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Chapter 6

Mass Spectrometry in Phytonutrient Research

Phytonutrients are often non-essential food components that are found in vegetables, fruits, spices and traditional ingredients. Whether as food, spices, traditional ingredients or medicinal plants, a large number of phytonutrients are consumed by individuals in their normal, everyday lives. Phytonutrient rich foods have the potential to provide consumers with health beneficial effects and during the last 15 years, research on the effects of dietary phytonutrients on human health has developed considerably providing significant evidences supporting a role in the prevention of degenerative diseases, particularly cardiovascular diseases and cancers. The structural complexity of phytonutrients is extremely vast from simple phenols and phenolic acids to complex high-molecular-weight compounds, such as the tannins and proanthocyanidins It is therefore difficult to provide mass spectrometric rules common to all types of phytonutrients since they have all specific physicochemical properties. Based on the main type of natural products for which health beneficial claims exist we will present a summary of the main mass spectrometric techniques used for their detection, quantification and identification in both their original matrices and in biological fluids. We will also review few food products and their efficacy on disease-risk reduction due to their content in phytonutrients, mainly polyphenols as this class of chemical is by far the most documented through clinical evidences.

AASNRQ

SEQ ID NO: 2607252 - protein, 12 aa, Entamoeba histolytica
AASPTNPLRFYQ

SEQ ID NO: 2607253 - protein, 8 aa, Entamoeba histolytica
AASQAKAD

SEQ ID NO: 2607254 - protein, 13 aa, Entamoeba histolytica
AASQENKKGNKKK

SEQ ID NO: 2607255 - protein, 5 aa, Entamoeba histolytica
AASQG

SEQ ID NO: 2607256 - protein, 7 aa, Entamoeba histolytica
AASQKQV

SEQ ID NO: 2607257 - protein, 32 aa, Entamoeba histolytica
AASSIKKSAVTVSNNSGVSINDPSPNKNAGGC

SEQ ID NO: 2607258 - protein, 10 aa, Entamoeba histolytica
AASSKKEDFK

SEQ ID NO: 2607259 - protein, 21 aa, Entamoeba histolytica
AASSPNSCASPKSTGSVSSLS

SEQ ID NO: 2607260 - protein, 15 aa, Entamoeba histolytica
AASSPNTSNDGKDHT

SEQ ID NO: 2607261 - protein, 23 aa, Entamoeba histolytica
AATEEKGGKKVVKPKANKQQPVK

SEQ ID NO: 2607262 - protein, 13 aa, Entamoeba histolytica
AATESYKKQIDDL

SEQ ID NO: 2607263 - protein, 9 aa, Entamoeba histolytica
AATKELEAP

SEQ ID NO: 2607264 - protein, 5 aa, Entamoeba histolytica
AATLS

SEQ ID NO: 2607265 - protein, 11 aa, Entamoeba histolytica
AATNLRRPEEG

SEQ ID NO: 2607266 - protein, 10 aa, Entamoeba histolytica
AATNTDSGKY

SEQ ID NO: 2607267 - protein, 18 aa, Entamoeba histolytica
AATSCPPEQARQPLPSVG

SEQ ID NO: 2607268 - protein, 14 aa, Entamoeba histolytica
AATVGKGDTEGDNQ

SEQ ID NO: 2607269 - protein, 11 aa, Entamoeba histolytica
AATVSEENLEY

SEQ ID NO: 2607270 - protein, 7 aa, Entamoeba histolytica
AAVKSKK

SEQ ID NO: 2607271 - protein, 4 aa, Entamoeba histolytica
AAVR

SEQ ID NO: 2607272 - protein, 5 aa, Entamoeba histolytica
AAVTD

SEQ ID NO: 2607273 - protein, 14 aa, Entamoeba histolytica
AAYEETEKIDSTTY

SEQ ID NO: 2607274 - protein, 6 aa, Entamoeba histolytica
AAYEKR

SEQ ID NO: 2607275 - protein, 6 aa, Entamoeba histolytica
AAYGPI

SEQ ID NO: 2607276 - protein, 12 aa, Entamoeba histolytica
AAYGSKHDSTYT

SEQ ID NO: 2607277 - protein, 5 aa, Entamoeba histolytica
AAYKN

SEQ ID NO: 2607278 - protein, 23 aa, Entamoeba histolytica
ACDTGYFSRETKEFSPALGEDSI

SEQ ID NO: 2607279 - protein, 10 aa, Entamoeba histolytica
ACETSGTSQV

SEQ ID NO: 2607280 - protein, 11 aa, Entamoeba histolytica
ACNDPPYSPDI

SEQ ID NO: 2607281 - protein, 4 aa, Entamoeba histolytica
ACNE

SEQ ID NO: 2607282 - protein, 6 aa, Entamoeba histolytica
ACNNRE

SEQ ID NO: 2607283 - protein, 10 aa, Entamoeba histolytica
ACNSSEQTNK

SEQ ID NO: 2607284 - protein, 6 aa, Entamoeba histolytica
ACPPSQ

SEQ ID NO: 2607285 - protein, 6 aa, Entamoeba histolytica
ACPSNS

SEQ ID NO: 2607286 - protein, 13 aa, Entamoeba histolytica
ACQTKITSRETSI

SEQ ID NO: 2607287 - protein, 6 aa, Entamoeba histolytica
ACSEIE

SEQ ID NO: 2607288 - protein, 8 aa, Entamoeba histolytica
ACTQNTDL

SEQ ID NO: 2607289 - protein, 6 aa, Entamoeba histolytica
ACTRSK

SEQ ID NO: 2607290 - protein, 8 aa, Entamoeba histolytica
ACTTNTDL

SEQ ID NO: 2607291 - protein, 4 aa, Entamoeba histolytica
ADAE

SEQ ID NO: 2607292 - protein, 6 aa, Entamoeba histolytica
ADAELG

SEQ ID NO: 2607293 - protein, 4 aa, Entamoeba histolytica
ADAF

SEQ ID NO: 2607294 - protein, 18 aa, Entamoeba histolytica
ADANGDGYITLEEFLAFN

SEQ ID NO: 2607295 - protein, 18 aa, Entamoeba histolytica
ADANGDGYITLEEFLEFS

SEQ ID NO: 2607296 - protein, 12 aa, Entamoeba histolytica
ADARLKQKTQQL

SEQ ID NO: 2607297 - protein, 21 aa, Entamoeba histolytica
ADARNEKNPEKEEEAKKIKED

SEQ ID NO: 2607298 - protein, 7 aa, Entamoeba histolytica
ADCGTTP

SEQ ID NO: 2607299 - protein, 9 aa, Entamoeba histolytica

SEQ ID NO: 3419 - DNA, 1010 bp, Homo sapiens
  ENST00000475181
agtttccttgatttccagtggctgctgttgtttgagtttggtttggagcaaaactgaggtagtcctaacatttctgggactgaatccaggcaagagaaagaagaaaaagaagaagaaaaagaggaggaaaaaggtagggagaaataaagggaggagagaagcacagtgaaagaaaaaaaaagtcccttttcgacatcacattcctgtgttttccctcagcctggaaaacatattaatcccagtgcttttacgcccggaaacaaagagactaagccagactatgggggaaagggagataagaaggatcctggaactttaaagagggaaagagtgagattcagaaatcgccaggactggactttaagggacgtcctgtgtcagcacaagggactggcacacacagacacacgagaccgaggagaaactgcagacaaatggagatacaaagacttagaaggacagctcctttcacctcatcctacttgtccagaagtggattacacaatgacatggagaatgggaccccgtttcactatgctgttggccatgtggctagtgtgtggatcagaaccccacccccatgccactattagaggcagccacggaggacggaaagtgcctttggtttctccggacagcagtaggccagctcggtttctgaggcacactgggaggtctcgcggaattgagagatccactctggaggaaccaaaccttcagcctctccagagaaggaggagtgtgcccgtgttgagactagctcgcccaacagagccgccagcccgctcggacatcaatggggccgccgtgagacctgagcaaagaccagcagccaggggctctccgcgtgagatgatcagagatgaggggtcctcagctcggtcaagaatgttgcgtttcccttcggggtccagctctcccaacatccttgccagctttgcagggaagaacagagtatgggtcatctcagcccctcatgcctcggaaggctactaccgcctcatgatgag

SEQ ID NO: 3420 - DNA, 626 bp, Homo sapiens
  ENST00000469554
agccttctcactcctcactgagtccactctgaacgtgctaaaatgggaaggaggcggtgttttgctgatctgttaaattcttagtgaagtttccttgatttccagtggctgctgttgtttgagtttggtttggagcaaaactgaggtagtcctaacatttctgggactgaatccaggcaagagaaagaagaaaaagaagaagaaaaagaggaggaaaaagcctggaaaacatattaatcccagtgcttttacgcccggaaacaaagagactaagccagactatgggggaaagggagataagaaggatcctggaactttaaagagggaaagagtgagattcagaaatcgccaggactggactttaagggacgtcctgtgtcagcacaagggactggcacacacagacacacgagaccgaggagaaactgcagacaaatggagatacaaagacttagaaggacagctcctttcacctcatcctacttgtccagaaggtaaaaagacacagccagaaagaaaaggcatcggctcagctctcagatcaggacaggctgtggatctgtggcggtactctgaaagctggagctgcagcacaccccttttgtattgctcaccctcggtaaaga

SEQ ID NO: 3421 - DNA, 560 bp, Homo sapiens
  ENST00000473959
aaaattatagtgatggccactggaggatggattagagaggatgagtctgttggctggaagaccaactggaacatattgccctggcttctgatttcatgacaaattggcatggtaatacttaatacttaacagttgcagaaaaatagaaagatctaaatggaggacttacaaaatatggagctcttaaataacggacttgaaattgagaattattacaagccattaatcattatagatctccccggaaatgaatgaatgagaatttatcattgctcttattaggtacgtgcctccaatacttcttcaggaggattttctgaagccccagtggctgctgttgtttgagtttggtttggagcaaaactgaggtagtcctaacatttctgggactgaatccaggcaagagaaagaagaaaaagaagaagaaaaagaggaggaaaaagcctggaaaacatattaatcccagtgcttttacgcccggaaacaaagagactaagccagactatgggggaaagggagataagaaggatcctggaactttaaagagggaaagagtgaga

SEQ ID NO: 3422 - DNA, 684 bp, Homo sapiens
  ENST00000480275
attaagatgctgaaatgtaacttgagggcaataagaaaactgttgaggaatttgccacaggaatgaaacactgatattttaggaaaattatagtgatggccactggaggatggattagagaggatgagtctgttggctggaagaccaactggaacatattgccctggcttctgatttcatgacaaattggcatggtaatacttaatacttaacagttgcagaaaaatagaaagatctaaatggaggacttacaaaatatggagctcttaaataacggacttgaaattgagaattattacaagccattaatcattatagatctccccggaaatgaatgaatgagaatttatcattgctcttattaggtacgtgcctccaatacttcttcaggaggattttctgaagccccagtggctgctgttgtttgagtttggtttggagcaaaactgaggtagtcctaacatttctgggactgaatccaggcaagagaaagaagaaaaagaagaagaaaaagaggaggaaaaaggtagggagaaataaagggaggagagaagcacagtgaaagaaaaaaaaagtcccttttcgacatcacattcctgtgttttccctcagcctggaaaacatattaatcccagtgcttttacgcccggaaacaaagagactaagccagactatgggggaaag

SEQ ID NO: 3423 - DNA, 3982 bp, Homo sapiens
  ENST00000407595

Publication details


Print publication date
01 Jul 2010
Copyright year
2010
Print ISBN
978-1-84973-036-5
PDF eISBN
978-1-84973-092-1
From the book series:
RSC Food Analysis Monographs